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Crit Rev Microbiol. 2010 May;36(2):146-67. doi: 10.3109/10408410903489576.

Production of microbial secondary metabolites: regulation by the carbon source.

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Departamento de Biología Molecular y Biotecnología, Instituto de Investigaciones Biomédicas, Universidad Nacional Autónoma de México, México D.F. 04510, México.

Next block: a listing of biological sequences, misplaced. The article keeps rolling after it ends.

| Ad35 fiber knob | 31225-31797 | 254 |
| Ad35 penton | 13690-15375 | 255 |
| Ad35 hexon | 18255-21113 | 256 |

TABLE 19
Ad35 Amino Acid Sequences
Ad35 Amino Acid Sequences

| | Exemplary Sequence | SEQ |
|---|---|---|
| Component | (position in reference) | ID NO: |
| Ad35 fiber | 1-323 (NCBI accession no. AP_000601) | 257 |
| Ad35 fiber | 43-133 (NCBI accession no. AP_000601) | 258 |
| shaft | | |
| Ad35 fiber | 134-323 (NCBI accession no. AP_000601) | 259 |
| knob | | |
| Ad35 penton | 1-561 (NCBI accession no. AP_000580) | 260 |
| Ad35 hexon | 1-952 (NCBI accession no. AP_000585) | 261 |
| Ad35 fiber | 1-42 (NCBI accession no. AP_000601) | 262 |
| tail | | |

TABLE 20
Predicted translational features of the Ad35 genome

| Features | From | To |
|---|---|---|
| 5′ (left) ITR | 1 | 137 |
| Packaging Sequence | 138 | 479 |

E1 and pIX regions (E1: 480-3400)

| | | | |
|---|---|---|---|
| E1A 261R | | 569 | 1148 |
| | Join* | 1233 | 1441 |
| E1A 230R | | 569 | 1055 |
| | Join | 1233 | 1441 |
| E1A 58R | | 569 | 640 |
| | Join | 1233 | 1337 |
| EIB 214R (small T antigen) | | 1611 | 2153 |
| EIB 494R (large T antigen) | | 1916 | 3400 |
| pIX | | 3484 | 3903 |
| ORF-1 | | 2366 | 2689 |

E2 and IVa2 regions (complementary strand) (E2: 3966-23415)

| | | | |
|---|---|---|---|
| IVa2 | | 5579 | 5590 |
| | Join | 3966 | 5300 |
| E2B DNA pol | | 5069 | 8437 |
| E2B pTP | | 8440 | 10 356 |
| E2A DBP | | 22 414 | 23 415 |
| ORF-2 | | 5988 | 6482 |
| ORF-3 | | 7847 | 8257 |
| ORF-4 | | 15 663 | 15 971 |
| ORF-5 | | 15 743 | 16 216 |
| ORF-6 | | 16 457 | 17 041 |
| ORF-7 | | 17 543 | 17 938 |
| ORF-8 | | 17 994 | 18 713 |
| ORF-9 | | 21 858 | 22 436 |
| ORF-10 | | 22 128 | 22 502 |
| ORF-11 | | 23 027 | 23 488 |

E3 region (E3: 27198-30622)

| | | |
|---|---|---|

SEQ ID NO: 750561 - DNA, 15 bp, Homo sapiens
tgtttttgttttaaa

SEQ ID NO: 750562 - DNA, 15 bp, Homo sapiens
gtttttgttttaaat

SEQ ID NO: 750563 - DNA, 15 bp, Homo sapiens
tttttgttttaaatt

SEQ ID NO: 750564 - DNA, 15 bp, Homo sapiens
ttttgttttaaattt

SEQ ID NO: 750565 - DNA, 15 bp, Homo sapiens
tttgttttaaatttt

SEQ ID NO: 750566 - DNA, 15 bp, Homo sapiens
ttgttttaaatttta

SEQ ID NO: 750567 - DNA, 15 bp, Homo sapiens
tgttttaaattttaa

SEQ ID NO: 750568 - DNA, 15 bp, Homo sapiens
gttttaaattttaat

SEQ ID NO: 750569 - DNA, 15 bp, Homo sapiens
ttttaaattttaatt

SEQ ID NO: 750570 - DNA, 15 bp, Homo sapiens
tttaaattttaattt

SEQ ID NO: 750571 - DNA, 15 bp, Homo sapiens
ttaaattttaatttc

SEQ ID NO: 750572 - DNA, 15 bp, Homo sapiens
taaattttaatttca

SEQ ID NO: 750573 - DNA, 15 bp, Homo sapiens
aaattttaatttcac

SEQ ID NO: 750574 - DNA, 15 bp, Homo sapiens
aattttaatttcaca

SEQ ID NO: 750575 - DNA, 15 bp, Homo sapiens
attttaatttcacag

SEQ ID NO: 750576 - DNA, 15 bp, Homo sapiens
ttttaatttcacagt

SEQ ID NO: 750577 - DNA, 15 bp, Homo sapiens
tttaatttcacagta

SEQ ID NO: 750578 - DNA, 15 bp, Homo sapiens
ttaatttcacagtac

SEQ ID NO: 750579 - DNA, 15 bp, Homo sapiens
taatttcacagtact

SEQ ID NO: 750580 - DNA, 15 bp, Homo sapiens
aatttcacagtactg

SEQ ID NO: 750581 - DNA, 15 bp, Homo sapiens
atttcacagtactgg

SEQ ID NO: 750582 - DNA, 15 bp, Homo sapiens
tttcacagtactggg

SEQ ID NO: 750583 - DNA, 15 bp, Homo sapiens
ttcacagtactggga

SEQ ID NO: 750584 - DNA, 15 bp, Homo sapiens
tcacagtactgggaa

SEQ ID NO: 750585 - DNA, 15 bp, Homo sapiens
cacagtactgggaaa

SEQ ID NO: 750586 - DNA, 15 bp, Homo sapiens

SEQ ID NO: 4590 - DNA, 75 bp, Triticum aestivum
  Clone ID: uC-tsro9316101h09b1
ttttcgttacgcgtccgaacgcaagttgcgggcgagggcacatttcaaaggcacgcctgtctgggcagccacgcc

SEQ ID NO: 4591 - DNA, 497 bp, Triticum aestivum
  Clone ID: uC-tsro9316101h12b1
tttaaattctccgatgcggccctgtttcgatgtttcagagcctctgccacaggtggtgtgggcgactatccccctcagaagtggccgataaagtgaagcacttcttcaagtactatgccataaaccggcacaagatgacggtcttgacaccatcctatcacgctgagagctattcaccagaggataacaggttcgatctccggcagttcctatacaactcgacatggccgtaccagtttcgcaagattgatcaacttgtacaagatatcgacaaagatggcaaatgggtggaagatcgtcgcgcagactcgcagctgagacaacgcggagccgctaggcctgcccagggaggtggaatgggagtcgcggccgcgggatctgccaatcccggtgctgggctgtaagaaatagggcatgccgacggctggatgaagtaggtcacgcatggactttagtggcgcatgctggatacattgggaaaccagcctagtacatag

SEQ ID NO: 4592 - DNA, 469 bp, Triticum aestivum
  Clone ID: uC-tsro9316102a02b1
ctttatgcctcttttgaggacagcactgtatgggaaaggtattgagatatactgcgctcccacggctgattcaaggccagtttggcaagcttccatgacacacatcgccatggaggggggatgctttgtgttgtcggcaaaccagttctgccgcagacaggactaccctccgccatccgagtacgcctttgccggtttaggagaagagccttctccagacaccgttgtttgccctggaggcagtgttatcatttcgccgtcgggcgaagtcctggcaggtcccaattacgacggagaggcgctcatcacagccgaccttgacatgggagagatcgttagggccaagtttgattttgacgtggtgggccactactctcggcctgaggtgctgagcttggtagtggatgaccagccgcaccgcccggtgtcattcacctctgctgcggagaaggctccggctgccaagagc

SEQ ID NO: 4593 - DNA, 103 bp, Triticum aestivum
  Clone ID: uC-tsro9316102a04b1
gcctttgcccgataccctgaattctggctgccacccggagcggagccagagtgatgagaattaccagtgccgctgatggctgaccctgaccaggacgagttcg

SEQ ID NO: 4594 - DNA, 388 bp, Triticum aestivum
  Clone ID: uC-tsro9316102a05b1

Microbial secondary metabolites are low molecular mass products, not essential for growth of the producing cultures, but very important for human health. They include antibiotics, antitumor agents, cholesterol-lowering drugs, and others. They have unusual structures and are usually formed during the late growth phase of the producing microorganisms. Its synthesis can be influenced greatly by manipulating the type and concentration of the nutrients formulating the culture media. Among these nutrients, the effect of the carbon sources has been the subject of continuous studies for both, industry and research groups. Different mechanisms have been described in bacteria and fungi to explain the negative carbon catabolite effects on secondary metabolite production. Their knowledge and manipulation have been useful either for setting fermentation conditions or for strain improvement. During the last years, important advances have been reported on these mechanisms at the biochemical and molecular levels. The aim of the present review is to describe these advances, giving special emphasis to those reported for the genus Streptomyces.

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